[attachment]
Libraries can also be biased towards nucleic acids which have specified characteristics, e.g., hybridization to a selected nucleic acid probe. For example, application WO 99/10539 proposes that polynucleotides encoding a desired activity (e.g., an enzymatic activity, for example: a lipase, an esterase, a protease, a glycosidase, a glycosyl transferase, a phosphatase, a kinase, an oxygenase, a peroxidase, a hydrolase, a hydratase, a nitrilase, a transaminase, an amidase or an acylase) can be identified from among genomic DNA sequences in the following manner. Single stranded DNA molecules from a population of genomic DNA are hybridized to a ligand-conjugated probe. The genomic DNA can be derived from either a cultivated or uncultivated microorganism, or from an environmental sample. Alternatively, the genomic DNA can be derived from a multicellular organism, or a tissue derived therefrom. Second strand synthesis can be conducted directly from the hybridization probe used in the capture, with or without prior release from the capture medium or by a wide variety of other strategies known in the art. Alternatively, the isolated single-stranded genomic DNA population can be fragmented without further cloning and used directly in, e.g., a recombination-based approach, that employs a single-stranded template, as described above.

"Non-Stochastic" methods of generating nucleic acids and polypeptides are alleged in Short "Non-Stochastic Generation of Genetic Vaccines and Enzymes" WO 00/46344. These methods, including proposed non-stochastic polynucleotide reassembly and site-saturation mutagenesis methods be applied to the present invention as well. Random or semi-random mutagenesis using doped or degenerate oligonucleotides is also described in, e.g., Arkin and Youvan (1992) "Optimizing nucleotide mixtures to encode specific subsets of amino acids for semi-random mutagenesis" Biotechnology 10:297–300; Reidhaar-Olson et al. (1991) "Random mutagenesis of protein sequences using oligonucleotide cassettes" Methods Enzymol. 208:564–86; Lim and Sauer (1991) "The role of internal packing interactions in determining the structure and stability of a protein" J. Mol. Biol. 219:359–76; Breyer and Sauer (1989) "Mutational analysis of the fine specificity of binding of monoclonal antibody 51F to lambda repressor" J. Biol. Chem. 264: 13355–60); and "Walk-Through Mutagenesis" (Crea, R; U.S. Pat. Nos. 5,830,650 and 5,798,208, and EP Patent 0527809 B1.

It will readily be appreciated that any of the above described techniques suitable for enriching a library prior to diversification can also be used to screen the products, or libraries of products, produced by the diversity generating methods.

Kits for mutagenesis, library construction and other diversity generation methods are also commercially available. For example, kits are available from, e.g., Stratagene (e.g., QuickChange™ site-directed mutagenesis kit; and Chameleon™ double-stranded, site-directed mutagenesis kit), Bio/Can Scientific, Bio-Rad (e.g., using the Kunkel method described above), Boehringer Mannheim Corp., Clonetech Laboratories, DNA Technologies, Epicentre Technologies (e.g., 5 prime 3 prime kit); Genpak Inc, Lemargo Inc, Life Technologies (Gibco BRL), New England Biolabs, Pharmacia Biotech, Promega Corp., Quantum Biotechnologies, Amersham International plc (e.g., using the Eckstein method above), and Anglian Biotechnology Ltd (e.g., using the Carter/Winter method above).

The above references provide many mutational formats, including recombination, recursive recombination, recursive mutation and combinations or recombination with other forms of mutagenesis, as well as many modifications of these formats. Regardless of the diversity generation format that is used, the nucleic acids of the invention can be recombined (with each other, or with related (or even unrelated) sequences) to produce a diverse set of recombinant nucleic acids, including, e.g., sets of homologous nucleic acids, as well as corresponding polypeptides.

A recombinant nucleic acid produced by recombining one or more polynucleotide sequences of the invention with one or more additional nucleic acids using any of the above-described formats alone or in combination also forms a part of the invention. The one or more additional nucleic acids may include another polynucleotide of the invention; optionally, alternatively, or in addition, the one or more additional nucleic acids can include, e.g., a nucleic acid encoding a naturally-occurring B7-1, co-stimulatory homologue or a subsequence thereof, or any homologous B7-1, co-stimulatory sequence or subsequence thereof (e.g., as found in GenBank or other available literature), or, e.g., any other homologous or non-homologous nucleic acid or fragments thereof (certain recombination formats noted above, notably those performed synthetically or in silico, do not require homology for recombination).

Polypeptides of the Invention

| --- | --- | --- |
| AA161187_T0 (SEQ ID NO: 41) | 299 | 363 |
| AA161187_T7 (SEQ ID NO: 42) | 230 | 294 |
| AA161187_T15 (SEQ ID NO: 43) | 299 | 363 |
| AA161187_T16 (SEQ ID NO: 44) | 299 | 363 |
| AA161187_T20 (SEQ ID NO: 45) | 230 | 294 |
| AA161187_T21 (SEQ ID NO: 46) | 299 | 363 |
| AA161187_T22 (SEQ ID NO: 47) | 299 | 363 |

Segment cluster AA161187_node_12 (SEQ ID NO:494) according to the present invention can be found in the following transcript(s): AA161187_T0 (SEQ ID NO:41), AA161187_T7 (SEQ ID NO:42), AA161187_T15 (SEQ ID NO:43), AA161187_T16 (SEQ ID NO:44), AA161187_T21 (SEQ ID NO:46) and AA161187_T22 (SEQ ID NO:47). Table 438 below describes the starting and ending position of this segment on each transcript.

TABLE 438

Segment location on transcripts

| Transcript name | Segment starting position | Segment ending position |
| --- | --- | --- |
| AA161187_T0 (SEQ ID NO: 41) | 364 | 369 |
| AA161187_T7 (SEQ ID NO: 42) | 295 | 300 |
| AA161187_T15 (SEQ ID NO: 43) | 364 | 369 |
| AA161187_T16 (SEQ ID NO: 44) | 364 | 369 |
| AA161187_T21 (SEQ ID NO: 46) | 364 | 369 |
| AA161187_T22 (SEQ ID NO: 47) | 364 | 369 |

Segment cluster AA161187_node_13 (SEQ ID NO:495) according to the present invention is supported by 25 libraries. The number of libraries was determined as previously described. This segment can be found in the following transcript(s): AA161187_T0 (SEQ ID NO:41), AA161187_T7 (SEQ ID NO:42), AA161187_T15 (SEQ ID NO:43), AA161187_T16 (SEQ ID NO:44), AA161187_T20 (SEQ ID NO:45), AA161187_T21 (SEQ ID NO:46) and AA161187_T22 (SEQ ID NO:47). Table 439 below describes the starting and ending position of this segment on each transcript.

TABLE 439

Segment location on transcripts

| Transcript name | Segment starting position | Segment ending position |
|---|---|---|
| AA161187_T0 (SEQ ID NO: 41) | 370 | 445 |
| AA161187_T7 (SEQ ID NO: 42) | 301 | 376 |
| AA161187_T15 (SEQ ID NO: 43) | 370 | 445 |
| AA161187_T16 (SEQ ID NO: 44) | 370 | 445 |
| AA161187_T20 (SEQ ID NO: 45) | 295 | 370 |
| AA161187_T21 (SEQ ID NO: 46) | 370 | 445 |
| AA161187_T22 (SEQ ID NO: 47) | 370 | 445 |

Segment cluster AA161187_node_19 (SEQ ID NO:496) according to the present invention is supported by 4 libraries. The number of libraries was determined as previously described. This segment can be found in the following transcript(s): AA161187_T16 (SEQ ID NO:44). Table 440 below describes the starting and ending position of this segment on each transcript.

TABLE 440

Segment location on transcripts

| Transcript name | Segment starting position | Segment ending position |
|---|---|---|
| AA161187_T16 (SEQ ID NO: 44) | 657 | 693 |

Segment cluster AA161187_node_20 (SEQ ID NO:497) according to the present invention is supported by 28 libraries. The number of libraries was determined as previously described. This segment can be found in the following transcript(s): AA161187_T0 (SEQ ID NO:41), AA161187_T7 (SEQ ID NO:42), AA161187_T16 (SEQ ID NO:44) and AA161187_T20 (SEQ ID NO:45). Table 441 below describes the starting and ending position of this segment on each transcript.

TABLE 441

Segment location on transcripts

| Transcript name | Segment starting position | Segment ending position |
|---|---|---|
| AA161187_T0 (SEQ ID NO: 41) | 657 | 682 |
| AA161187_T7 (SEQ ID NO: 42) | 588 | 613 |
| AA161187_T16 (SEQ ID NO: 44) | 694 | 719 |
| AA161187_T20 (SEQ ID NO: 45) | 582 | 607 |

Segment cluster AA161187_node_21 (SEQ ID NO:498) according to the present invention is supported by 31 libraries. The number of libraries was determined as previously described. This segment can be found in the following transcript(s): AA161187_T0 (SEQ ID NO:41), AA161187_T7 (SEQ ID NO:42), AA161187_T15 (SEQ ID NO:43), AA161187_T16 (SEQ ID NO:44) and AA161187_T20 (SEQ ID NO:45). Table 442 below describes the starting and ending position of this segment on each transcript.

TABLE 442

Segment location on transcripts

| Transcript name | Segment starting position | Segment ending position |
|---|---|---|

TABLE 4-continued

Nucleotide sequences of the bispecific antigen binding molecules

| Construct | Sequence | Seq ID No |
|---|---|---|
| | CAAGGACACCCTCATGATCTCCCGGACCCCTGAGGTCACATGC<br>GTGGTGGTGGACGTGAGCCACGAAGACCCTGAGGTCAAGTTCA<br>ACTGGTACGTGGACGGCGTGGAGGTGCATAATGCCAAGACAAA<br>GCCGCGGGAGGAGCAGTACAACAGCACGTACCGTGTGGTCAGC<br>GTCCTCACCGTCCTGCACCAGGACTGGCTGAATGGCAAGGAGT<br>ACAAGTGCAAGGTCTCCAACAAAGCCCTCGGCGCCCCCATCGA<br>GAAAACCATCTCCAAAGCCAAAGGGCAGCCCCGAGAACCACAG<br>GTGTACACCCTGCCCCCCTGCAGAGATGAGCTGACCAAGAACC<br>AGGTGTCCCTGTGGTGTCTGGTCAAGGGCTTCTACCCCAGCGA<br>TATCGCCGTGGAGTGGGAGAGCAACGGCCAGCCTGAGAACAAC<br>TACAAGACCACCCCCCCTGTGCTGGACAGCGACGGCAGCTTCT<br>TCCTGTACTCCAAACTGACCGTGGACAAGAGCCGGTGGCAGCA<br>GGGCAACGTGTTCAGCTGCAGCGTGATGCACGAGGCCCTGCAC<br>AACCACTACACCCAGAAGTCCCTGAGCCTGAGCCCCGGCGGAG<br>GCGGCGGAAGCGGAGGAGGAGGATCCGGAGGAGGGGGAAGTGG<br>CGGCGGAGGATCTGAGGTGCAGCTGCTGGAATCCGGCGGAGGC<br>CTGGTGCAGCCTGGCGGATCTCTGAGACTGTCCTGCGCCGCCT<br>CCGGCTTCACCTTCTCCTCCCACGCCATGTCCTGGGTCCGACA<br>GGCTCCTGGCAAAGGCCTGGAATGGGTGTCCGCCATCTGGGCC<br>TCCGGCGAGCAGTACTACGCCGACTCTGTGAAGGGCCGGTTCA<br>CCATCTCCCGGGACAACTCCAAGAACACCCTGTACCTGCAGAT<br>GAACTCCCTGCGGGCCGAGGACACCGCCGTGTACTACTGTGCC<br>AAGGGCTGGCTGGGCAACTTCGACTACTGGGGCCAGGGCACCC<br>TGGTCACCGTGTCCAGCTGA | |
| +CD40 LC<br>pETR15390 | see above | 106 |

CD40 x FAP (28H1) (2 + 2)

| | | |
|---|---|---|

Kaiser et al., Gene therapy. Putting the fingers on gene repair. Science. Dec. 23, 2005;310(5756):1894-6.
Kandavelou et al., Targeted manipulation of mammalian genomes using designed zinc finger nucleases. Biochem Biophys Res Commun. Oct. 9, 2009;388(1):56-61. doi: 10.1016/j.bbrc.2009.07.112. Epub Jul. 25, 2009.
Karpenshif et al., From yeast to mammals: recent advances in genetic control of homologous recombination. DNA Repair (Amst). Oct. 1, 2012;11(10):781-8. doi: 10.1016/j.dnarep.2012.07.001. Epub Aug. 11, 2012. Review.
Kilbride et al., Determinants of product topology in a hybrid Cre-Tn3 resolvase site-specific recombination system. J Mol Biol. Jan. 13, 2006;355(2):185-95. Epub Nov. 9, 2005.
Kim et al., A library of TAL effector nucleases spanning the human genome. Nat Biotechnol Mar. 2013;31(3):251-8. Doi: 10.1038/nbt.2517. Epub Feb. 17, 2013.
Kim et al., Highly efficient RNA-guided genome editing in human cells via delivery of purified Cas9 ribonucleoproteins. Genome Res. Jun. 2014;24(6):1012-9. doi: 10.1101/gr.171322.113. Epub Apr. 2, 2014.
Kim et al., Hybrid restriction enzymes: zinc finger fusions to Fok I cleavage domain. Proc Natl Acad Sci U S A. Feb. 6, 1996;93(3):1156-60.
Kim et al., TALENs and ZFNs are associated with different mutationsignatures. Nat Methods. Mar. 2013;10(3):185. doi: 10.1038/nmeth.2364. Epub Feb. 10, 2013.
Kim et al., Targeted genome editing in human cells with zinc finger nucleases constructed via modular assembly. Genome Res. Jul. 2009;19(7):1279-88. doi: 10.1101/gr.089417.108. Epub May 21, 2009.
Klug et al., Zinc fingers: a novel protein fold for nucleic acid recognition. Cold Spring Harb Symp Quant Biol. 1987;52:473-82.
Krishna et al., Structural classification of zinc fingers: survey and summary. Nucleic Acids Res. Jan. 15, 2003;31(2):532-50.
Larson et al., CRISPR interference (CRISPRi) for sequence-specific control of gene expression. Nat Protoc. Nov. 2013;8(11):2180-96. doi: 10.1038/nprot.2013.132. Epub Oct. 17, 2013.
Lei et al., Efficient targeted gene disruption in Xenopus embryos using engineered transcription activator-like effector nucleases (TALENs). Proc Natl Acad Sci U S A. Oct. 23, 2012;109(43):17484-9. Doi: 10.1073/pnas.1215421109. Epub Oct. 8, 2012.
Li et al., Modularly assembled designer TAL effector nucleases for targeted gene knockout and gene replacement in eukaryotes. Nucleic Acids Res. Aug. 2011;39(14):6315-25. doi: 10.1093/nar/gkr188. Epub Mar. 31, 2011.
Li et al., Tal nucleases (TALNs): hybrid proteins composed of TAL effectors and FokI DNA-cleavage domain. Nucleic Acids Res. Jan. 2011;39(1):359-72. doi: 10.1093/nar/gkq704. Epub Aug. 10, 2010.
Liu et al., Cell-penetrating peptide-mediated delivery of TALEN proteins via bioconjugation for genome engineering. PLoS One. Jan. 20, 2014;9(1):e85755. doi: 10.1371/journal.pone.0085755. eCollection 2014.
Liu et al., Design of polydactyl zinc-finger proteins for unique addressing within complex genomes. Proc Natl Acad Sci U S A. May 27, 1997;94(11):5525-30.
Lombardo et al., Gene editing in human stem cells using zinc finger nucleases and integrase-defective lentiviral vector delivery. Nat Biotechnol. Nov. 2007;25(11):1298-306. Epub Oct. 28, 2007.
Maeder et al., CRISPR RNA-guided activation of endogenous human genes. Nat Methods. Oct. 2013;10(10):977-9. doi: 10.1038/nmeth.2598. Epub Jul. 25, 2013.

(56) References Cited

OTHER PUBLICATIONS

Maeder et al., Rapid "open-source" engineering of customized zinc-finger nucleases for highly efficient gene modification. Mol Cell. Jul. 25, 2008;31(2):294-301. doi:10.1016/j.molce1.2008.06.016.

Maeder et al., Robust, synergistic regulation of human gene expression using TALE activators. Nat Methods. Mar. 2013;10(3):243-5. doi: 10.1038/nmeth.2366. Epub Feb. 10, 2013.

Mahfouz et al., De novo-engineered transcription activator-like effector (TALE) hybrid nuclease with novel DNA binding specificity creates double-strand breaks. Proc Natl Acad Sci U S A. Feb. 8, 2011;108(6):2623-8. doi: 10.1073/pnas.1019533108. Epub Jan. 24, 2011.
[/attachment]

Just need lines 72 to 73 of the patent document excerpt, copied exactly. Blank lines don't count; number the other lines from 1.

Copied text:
Kim et al., A library of TAL effector nucleases spanning the human genome. Nat Biotechnol Mar. 2013;31(3):251-8. Doi: 10.1038/nbt.2517. Epub Feb. 17, 2013.
Kim et al., Highly efficient RNA-guided genome editing in human cells via delivery of purified Cas9 ribonucleoproteins. Genome Res. Jun. 2014;24(6):1012-9. doi: 10.1101/gr.171322.113. Epub Apr. 2, 2014.